In light of the COVID-19 pandemic, I’ve decided to postpone my discussion on “My Loved One Wants to Stay at Home, but I’m Not Sure They Should” at this time. The title of that series sort of presents us with a different quandary right now doesn’t it? State governments all over the country are ordering residents to Stay Home by all means possible to allow our health care system time to get this pandemic under control. So, we, a society very uncomfortable with the idea of slowing down, are forced to do exactly that. You’d think this may be the perfect time for me to write a blog, but I’m finding it to be the exact opposite. Not due to a lack of opportunity. For a lot of us, if there’s one thing we have more of right now it’s time, right? In light of this pandemic, I’ve struggled with finding constructive things to say. After all, I’m not a nurse or a doctor or a scientist or a researcher or an engineer or a police officer or a firefighter or a paramedic or a psychiatrist or a counselor or any of the many other frontline workers who are working their butts off to keep the rest of us safe and healthy. I don’t have any special insight to offer in this moment. At best, I can only offer my interpretation of what I’ve heard and observed on TV and from conversations with friends and family in the health care industry, which I think is true for most of us.
So how do we deal with these uncertain times? I keep trying to remind myself not to get too caught up in the news and discussion about this virus, but that is really really difficult when it presents such a real threat to each of us and our loved ones. Perhaps one of the biggest if not the biggest problem I’m having in coping with the COVID-19 pandemic is that I have nothing to distract me from it. Being the sports nerd that I am, the complete shutdown of all professional sports leagues has opened up a lot of my thought time. There are no distractions like this left for many of us. Sure, I can stream movies and TV shows day and night, but even those only offer a temporary respite from reality. And the odd thing for me is, even if sports were still being played and broadcast, I just don’t think they’d be the same right now. It wouldn’t feel right with the difficulties our world is currently facing.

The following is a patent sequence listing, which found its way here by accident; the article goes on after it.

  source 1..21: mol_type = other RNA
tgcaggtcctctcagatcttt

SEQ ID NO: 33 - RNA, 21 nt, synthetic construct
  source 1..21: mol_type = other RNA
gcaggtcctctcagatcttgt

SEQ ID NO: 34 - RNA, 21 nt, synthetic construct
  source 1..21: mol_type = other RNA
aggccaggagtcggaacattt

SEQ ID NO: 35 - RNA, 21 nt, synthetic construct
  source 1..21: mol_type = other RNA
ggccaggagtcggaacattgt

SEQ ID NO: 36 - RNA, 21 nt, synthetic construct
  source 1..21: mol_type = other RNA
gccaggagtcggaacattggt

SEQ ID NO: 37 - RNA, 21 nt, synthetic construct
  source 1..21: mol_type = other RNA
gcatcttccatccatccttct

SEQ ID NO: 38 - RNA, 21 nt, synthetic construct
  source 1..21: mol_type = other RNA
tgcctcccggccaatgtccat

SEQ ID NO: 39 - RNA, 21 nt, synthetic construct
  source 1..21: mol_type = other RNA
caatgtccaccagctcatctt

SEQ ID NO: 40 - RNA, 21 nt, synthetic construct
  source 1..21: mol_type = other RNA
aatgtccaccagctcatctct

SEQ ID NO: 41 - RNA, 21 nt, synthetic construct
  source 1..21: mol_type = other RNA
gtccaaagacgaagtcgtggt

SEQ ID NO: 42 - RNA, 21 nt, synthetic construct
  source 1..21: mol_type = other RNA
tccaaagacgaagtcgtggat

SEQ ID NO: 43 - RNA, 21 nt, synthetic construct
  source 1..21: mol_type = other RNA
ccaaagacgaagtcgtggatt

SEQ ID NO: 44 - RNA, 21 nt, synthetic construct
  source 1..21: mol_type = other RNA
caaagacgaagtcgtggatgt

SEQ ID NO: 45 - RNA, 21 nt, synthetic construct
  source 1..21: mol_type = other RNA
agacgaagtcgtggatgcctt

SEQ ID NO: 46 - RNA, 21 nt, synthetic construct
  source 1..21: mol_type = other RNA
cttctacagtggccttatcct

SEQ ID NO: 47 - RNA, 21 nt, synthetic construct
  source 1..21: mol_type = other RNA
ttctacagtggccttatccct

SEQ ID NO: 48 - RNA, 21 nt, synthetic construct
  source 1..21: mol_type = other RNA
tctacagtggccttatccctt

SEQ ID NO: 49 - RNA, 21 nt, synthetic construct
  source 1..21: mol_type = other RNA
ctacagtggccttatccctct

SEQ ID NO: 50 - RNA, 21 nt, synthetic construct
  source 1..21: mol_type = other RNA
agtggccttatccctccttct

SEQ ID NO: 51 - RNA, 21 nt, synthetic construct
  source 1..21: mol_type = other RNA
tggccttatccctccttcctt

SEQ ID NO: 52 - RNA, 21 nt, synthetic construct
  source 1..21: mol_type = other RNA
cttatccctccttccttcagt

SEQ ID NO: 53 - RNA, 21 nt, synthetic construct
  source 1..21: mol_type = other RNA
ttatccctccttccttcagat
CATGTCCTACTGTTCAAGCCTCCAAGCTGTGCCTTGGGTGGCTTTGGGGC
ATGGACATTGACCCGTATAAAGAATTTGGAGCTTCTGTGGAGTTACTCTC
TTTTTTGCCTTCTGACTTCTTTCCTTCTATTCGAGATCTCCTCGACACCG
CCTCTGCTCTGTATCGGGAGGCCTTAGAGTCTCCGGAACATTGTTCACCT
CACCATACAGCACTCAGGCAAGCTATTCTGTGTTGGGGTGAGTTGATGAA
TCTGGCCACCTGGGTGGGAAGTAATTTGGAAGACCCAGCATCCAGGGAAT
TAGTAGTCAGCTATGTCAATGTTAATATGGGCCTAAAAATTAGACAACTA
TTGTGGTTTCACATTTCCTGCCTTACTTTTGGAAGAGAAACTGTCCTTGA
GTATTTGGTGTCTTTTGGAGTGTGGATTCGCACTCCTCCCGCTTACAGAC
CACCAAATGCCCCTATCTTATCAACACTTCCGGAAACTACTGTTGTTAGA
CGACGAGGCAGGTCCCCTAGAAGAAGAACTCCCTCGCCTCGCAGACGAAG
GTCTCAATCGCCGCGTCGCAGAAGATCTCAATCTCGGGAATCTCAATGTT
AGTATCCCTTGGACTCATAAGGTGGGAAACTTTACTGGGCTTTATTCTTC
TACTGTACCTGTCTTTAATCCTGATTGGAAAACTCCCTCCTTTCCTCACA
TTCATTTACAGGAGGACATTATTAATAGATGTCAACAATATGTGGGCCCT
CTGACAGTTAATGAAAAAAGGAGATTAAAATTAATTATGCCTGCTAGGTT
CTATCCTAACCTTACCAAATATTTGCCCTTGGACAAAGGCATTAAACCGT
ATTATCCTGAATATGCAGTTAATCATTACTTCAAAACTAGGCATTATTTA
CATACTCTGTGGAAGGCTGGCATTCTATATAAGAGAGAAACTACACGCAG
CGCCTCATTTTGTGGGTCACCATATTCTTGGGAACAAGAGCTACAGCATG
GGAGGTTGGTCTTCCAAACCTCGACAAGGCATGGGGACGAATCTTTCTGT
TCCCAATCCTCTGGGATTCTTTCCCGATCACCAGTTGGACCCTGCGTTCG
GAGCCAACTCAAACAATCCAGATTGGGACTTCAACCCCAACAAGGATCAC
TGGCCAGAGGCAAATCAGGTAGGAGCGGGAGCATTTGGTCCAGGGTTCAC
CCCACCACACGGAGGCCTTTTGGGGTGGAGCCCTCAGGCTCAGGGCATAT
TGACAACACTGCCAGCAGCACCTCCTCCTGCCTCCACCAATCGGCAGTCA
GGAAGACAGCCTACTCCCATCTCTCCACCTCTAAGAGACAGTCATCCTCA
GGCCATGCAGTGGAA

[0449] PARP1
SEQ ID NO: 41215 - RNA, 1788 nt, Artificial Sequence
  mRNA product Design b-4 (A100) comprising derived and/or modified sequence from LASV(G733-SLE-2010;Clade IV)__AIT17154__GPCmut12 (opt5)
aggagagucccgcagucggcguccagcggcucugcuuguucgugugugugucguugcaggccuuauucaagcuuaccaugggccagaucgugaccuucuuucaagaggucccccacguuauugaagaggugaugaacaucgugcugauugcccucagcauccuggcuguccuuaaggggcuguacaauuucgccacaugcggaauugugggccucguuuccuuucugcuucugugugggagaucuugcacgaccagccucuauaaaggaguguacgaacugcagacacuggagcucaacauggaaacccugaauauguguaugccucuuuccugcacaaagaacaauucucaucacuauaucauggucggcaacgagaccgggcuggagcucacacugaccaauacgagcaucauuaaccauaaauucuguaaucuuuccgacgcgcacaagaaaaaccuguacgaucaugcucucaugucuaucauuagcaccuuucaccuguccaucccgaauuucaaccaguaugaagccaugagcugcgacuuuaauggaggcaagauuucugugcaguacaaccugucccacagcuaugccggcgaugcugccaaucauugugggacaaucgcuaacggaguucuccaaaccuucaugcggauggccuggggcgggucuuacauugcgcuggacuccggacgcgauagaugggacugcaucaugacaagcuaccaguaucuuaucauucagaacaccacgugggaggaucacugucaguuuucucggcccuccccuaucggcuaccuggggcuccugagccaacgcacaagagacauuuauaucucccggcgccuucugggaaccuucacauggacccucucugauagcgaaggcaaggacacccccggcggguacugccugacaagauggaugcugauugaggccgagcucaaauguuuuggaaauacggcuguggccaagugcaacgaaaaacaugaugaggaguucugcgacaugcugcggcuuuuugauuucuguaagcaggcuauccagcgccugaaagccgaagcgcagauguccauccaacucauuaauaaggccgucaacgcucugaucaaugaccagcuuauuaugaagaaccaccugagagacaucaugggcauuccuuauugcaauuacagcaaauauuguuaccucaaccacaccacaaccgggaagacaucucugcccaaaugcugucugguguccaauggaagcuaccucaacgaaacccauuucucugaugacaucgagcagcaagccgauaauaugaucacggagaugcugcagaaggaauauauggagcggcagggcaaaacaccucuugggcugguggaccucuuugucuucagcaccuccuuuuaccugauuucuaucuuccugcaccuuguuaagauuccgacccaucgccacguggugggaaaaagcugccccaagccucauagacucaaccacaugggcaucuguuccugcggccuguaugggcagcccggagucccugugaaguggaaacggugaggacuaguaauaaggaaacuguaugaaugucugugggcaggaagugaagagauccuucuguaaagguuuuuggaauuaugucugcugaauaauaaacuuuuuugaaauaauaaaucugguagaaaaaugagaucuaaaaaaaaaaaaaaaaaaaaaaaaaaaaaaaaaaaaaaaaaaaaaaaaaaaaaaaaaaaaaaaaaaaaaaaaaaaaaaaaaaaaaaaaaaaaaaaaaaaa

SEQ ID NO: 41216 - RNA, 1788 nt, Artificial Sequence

One thing I keep grasping for in all of this is perspective. I don’t think I’ve ever appreciated the gathering of human beings as much as I do now. Whether it be a work event, a social event, a family event or even simply running some errands, I’ve never appreciated the opportunity to be around other people as much as I do now. I think we can all find things to be grateful for under these circumstances. Having a 2-year-old son and a pregnant wife, I am extremely grateful for the time I get to spend with them every day (of course, my wife might feel differently about the time she has to spend with me). I think gratitude can be a powerful tool at a time like this. We’re all dealing in unfamiliar territory, but if we can find things to be grateful for in the present, they can help give us the patience we need to endure this crisis. And then when we make it out of this, we will all be better, stronger individuals because of it.
I do have a few additional, hopefully useful, tidbits of information I’d like to share. While it is vitally important for all of us to remain hopeful and positive with all the negativity surrounding us, it’s also important to be realistic. Unfortunately, COVID-19 has produced a seemingly endless supply of sobering stories that highlight the importance of listening to advice from medical professionals and experts as well as the importance of being more prepared for the future.